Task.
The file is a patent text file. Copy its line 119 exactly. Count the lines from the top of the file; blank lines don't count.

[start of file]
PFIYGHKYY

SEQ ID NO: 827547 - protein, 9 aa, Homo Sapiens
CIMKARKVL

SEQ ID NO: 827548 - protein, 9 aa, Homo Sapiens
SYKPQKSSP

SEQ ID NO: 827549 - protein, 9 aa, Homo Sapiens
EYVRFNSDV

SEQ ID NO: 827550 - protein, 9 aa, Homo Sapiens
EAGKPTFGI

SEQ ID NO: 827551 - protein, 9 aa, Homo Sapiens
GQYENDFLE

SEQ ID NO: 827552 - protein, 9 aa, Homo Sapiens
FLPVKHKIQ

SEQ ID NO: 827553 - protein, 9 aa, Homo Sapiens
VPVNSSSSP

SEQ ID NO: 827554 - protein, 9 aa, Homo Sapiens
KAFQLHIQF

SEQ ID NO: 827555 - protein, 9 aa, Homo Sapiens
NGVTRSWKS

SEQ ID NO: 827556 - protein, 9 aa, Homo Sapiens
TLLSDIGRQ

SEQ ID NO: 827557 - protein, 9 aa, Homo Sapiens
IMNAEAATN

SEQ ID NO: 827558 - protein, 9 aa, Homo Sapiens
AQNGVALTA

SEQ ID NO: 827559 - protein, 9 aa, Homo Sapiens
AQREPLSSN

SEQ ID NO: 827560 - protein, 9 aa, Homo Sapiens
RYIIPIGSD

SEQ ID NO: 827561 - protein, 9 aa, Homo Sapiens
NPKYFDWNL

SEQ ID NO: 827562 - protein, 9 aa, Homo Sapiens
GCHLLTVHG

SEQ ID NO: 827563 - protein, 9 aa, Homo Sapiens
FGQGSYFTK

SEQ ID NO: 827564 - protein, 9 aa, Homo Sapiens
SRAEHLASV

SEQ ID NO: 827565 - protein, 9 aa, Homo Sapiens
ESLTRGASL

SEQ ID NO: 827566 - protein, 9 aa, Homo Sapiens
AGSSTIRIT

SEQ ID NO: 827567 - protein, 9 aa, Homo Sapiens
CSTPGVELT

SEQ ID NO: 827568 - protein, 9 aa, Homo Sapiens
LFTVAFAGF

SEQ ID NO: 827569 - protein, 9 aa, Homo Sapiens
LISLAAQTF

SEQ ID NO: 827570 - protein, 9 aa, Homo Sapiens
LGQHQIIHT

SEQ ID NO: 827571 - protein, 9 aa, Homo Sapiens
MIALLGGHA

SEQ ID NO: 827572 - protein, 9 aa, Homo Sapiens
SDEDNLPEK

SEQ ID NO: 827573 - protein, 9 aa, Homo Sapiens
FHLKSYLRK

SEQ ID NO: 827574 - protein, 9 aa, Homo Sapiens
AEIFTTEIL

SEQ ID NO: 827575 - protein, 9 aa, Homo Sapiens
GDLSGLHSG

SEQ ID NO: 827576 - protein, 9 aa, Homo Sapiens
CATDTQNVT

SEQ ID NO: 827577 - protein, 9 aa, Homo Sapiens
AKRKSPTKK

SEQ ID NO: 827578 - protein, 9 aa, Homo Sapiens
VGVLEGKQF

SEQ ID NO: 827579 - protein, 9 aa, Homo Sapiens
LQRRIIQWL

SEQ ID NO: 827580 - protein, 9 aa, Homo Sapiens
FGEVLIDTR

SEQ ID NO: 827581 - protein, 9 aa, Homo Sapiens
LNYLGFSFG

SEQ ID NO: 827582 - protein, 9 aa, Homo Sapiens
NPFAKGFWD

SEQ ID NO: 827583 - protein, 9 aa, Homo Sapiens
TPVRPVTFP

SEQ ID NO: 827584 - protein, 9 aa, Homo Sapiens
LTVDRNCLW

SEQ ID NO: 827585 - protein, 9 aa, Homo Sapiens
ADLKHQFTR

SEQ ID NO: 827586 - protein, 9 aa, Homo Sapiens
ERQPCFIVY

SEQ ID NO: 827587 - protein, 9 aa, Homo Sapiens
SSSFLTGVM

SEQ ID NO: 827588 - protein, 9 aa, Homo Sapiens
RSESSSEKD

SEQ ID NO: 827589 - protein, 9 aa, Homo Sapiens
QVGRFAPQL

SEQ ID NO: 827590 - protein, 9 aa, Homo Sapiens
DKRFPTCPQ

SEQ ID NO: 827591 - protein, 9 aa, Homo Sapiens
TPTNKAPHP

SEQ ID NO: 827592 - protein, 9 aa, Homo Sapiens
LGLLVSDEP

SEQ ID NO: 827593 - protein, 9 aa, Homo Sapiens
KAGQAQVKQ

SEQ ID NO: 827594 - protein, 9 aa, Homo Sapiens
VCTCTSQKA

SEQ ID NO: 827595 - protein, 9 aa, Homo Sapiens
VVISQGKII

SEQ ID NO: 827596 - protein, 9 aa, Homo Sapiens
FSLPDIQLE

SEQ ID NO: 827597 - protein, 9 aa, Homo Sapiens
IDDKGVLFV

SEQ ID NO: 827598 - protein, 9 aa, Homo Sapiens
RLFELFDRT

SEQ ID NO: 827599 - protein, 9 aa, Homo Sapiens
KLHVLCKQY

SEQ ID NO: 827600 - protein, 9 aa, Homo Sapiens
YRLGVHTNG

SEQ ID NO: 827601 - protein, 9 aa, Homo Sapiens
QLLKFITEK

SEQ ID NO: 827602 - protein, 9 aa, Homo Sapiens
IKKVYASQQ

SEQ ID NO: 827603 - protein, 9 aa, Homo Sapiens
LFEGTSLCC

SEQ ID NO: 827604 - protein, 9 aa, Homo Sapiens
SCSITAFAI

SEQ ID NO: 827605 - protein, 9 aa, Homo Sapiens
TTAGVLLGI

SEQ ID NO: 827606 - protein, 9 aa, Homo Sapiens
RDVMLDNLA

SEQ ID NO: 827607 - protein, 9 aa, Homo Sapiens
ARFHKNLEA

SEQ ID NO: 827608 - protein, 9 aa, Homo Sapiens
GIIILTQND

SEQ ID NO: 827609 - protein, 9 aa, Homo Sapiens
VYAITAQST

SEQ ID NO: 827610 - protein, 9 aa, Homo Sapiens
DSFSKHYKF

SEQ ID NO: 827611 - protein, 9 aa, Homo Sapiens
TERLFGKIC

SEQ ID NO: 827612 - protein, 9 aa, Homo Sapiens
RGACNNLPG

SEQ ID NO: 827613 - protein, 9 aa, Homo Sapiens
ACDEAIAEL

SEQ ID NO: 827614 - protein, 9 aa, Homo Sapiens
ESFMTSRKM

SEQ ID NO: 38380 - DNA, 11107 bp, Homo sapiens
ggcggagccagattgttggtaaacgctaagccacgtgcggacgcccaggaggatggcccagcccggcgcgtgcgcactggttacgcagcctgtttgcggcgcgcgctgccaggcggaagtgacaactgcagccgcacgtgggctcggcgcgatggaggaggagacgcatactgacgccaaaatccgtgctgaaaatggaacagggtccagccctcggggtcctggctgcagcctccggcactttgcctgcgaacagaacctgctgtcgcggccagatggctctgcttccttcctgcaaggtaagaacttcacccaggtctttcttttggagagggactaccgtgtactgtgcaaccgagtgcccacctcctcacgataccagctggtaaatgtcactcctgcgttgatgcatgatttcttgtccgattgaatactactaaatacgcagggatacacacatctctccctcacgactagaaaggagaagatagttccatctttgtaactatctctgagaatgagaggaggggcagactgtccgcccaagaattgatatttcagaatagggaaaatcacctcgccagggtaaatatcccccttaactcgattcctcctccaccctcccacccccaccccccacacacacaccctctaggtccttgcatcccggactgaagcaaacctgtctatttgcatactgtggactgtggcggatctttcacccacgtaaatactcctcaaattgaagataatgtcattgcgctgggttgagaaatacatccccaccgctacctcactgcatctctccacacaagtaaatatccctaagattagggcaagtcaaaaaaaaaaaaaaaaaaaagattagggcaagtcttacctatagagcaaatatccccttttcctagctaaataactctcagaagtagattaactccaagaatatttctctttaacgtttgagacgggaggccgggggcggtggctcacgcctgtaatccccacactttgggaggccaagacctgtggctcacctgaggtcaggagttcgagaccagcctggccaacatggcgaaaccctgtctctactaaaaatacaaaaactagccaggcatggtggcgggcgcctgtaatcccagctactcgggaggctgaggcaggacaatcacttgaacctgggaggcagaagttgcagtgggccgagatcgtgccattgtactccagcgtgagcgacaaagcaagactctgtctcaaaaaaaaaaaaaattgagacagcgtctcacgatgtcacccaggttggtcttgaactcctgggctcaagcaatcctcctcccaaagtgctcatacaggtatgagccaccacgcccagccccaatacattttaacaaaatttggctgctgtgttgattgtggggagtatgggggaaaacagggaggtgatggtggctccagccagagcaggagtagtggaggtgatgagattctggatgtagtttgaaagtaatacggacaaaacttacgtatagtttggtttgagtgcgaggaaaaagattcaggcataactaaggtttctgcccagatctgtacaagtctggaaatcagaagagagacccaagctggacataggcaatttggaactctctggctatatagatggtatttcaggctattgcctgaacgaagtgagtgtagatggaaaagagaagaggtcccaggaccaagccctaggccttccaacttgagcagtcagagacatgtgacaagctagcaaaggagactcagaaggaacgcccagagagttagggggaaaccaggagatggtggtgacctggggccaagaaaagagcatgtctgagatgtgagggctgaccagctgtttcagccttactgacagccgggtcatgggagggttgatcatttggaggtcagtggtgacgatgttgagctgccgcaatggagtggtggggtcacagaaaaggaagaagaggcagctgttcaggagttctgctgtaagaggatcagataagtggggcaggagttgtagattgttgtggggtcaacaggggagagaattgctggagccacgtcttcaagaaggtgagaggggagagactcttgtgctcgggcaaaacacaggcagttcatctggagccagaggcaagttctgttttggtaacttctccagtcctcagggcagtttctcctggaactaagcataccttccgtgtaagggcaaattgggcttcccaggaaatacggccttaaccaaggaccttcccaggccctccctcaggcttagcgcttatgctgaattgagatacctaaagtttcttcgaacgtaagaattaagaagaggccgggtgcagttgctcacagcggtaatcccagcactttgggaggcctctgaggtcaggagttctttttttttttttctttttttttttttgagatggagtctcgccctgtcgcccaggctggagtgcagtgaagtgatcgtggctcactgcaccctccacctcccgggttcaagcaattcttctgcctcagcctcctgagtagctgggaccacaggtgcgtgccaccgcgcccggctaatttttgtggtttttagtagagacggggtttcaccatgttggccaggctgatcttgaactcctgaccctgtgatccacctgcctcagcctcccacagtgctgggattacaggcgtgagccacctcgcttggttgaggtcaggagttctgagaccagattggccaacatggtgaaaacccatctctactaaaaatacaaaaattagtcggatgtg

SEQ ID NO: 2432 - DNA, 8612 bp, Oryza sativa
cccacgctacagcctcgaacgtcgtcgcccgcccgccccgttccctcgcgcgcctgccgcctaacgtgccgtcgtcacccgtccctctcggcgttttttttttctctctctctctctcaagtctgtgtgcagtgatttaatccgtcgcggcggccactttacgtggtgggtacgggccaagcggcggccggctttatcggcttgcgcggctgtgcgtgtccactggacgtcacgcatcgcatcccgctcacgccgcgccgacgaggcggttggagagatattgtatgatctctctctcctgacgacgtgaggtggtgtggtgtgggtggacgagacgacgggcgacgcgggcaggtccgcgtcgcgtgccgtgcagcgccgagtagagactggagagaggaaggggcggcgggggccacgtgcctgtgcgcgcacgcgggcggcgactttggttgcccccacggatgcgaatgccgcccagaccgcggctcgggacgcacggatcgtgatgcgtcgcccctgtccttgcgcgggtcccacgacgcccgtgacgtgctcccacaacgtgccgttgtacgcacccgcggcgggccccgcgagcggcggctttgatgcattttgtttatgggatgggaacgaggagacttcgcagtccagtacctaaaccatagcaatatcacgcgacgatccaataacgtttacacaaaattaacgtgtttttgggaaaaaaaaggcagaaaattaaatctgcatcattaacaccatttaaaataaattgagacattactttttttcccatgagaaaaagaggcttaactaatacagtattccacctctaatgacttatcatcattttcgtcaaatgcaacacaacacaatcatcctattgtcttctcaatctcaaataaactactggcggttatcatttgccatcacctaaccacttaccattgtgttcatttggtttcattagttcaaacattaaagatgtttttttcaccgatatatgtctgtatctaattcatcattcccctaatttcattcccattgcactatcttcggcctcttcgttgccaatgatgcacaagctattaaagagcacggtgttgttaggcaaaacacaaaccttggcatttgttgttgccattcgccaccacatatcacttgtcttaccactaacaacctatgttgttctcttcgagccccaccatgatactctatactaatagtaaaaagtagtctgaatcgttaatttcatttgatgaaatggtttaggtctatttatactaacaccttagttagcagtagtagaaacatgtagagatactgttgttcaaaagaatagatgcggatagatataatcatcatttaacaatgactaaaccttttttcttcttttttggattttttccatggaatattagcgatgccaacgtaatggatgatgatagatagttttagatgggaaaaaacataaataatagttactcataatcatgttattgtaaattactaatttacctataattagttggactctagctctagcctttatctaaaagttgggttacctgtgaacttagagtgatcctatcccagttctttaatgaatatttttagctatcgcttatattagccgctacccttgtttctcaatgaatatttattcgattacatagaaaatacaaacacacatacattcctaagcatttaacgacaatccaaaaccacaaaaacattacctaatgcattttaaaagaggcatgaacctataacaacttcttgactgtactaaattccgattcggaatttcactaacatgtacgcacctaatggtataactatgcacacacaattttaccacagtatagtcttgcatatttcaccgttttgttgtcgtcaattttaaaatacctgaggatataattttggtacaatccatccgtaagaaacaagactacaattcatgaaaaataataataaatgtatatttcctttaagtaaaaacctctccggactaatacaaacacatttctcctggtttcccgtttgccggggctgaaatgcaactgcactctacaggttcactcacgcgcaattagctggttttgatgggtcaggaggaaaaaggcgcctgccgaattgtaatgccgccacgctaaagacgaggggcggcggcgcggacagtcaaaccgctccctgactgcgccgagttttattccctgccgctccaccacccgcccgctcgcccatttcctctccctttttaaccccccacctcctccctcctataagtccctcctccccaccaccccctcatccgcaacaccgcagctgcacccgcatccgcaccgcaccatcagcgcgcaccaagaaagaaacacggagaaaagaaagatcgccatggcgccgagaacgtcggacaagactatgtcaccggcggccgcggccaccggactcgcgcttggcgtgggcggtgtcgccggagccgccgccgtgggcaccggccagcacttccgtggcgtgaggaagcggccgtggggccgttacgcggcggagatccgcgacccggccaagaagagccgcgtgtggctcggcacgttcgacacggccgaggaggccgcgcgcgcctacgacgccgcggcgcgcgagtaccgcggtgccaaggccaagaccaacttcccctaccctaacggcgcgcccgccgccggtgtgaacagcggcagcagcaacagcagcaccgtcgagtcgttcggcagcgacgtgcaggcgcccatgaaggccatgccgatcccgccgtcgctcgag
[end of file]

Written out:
TTAGVLLGI